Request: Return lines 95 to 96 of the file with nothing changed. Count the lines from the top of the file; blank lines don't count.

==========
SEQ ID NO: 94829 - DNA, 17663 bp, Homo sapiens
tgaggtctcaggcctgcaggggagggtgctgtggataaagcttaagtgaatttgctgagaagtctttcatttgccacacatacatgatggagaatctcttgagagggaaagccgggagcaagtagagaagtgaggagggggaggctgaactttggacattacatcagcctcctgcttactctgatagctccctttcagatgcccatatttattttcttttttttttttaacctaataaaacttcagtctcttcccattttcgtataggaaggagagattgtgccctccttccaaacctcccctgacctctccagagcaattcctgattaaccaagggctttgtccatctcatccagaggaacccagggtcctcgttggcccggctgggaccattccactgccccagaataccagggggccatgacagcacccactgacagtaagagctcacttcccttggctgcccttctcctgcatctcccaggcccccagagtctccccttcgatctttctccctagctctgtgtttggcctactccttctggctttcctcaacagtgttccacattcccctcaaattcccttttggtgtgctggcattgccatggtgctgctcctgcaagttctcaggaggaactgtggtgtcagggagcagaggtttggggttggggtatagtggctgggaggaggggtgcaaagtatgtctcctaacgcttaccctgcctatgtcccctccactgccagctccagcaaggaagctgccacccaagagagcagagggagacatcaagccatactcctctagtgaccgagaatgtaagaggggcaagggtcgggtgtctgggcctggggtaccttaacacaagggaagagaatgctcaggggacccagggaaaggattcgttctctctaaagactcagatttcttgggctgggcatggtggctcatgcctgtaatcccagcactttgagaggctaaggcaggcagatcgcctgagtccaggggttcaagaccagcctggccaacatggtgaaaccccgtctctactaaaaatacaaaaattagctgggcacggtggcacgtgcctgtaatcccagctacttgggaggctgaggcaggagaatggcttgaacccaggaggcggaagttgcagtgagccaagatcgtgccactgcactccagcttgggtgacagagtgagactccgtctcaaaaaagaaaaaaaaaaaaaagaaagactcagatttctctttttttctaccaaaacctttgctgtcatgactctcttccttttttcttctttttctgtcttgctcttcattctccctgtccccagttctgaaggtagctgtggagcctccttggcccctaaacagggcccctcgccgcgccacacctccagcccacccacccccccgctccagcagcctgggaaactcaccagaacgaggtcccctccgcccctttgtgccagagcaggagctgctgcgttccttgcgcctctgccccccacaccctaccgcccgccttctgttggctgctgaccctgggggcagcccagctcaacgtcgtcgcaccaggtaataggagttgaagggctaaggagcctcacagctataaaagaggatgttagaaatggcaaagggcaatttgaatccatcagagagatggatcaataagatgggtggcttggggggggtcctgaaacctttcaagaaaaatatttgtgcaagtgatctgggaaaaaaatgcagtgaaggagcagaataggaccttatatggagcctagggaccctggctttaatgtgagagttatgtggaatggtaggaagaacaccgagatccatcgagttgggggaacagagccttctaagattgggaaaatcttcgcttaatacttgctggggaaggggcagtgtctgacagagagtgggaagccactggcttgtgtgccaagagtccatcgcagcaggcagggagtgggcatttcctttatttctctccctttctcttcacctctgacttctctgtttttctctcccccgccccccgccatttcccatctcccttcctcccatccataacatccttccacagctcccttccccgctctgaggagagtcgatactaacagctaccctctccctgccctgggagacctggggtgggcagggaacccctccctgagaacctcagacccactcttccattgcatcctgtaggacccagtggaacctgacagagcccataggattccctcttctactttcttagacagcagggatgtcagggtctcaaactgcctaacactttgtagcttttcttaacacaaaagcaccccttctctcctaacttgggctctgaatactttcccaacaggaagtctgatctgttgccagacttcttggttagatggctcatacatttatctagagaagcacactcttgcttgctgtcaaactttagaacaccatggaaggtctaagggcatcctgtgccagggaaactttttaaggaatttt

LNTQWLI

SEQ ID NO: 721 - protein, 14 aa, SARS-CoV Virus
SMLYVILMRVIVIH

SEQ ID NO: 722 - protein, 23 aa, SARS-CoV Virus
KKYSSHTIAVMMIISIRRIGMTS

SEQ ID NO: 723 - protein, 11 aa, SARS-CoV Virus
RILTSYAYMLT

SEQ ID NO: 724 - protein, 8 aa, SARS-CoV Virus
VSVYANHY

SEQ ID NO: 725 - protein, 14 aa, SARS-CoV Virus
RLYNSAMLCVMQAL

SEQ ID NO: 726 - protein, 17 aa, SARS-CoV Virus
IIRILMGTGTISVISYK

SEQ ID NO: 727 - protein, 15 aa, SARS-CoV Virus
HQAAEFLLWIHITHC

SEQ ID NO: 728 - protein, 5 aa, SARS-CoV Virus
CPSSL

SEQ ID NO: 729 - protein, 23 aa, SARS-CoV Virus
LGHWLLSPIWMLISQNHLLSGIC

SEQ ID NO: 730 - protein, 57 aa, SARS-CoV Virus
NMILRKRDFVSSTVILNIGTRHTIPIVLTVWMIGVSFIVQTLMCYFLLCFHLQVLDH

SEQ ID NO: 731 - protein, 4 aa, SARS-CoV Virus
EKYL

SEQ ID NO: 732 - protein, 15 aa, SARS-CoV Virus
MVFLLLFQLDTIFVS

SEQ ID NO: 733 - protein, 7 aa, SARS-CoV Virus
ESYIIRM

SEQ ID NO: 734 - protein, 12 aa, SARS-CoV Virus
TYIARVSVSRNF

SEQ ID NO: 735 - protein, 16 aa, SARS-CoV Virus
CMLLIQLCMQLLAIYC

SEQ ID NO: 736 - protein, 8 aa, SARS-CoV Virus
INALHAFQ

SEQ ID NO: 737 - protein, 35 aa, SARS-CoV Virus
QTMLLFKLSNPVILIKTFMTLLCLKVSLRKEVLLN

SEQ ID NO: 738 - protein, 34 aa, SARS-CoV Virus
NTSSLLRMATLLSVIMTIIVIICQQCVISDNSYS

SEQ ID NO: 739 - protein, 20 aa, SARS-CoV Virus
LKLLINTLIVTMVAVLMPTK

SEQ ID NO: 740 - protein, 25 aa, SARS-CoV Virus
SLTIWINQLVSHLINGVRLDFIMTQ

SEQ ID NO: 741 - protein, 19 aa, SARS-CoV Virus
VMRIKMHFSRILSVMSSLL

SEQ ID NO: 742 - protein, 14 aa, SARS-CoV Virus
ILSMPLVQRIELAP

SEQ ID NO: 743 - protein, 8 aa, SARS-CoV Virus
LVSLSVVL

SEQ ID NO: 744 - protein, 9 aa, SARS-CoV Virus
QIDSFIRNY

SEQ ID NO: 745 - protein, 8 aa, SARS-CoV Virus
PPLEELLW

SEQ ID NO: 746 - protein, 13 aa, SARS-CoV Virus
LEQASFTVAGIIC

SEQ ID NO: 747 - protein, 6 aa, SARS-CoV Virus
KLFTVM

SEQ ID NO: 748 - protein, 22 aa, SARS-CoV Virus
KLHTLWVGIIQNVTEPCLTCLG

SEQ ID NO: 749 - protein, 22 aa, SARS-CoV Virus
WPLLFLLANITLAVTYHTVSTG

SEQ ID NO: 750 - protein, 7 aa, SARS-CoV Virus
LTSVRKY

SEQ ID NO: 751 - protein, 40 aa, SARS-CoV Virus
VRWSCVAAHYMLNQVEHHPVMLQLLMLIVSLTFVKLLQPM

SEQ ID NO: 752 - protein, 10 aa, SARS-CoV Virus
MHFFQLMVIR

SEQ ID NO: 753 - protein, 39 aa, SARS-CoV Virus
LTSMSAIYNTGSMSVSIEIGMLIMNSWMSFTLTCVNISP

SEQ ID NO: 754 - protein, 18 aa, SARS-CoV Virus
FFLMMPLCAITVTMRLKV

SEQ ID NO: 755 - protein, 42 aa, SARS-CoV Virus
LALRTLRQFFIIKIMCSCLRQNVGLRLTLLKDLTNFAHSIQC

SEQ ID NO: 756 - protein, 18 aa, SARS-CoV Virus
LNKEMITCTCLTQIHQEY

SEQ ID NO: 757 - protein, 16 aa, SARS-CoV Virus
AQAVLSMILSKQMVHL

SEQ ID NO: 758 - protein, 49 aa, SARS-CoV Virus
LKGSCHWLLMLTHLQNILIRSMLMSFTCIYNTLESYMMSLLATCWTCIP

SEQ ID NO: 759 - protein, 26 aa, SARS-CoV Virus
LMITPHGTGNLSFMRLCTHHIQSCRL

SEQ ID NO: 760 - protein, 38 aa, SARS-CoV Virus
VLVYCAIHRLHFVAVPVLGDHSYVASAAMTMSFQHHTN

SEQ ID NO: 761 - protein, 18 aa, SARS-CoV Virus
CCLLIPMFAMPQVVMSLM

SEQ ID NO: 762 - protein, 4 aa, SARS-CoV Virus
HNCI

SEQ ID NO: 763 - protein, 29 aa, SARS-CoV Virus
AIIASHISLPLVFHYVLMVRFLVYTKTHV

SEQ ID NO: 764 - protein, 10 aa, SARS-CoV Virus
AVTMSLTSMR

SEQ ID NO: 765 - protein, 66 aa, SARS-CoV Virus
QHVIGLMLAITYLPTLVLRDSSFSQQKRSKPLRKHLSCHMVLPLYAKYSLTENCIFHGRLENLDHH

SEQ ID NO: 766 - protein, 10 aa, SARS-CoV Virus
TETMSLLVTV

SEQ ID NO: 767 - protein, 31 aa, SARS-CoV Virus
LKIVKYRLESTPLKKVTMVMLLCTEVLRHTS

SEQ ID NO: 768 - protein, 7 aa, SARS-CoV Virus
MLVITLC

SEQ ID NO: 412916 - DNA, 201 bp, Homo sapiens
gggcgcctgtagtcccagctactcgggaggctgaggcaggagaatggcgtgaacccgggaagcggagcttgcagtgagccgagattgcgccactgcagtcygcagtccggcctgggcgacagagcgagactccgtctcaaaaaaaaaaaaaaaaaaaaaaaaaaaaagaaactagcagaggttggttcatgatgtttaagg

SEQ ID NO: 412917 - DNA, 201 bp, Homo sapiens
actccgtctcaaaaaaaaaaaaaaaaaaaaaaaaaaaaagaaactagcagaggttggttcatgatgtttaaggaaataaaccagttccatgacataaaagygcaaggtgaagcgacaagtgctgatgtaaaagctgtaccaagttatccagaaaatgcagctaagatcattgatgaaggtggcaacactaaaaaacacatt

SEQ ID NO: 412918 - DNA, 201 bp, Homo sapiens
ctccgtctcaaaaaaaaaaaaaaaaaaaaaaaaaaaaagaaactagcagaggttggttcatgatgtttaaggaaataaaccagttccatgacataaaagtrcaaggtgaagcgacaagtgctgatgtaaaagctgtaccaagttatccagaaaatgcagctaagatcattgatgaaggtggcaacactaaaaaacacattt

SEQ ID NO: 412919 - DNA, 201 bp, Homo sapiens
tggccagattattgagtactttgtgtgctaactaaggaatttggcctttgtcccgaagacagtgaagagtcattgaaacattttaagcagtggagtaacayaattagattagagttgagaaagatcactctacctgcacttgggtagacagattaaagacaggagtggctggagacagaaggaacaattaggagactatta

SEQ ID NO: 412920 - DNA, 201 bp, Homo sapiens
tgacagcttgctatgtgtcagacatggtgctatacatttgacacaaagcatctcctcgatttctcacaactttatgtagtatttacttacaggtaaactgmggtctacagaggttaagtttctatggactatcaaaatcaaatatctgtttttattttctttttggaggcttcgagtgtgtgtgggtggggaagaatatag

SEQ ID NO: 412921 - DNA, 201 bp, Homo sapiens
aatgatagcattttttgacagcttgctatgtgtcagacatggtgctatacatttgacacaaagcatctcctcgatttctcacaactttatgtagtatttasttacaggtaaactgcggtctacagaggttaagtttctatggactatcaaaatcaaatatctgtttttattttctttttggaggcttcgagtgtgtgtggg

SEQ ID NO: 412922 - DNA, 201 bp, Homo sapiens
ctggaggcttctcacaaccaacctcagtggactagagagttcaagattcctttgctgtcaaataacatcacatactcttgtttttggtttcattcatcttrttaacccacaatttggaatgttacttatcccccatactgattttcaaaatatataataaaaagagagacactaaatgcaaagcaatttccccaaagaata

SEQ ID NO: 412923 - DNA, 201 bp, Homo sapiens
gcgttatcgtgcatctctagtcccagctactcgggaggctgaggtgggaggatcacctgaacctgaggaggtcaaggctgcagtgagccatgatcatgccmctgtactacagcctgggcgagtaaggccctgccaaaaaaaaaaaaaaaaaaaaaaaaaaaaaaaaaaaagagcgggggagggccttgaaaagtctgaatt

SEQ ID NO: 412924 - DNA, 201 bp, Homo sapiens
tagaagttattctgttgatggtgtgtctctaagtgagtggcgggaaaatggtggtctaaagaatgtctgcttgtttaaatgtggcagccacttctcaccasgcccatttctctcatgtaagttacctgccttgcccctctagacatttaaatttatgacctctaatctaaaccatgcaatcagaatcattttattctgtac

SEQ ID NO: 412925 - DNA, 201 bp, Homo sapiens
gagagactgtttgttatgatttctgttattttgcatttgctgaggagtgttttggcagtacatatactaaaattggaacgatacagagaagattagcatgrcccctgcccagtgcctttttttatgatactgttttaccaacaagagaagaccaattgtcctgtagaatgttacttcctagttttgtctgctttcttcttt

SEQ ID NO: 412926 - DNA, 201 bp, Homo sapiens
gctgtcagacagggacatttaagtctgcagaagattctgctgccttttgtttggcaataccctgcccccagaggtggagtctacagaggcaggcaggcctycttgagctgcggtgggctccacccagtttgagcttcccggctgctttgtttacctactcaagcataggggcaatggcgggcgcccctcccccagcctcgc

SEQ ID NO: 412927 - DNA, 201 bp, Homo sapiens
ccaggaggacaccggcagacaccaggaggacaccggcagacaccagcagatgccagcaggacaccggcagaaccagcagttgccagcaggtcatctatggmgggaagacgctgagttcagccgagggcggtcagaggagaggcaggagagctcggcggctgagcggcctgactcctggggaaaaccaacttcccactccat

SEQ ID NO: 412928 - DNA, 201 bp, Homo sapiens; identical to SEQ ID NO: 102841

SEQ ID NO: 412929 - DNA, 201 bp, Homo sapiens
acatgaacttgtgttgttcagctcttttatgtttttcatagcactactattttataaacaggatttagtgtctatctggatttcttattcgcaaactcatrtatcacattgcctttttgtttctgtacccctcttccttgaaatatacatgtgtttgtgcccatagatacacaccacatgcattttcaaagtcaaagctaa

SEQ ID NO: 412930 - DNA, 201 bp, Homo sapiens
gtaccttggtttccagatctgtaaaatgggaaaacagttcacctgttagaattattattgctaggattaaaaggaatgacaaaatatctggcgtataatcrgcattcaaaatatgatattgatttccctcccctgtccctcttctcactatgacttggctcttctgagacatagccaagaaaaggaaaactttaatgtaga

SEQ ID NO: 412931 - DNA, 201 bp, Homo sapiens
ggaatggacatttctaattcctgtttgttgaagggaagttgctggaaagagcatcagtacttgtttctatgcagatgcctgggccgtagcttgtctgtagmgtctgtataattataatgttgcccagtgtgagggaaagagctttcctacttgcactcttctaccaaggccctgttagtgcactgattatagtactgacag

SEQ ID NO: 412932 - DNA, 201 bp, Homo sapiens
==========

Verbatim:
TETMSLLVTV

SEQ ID NO: 767 - protein, 31 aa, SARS-CoV Virus